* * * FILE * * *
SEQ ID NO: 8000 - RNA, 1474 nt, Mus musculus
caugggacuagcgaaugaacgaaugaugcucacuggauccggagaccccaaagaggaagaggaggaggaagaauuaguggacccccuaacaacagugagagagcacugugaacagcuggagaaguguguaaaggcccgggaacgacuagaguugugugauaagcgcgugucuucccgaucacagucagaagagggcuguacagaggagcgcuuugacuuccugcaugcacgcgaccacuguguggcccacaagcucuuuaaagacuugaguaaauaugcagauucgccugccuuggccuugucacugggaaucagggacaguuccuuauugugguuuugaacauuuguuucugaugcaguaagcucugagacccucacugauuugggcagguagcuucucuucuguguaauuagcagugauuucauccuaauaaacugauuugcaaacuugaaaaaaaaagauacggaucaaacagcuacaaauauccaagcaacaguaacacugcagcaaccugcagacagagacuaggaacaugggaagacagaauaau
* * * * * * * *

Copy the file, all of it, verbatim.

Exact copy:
SEQ ID NO: 8000 - RNA, 1474 nt, Mus musculus
caugggacuagcgaaugaacgaaugaugcucacuggauccggagaccccaaagaggaagaggaggaggaagaauuaguggacccccuaacaacagugagagagcacugugaacagcuggagaaguguguaaaggcccgggaacgacuagaguugugugauaagcgcgugucuucccgaucacagucagaagagggcuguacagaggagcgcuuugacuuccugcaugcacgcgaccacuguguggcccacaagcucuuuaaagacuugaguaaauaugcagauucgccugccuuggccuugucacugggaaucagggacaguuccuuauugugguuuugaacauuuguuucugaugcaguaagcucugagacccucacugauuugggcagguagcuucucuucuguguaauuagcagugauuucauccuaauaaacugauuugcaaacuugaaaaaaaaagauacggaucaaacagcuacaaauauccaagcaacaguaacacugcagcaaccugcagacagagacuaggaacaugggaagacagaauaau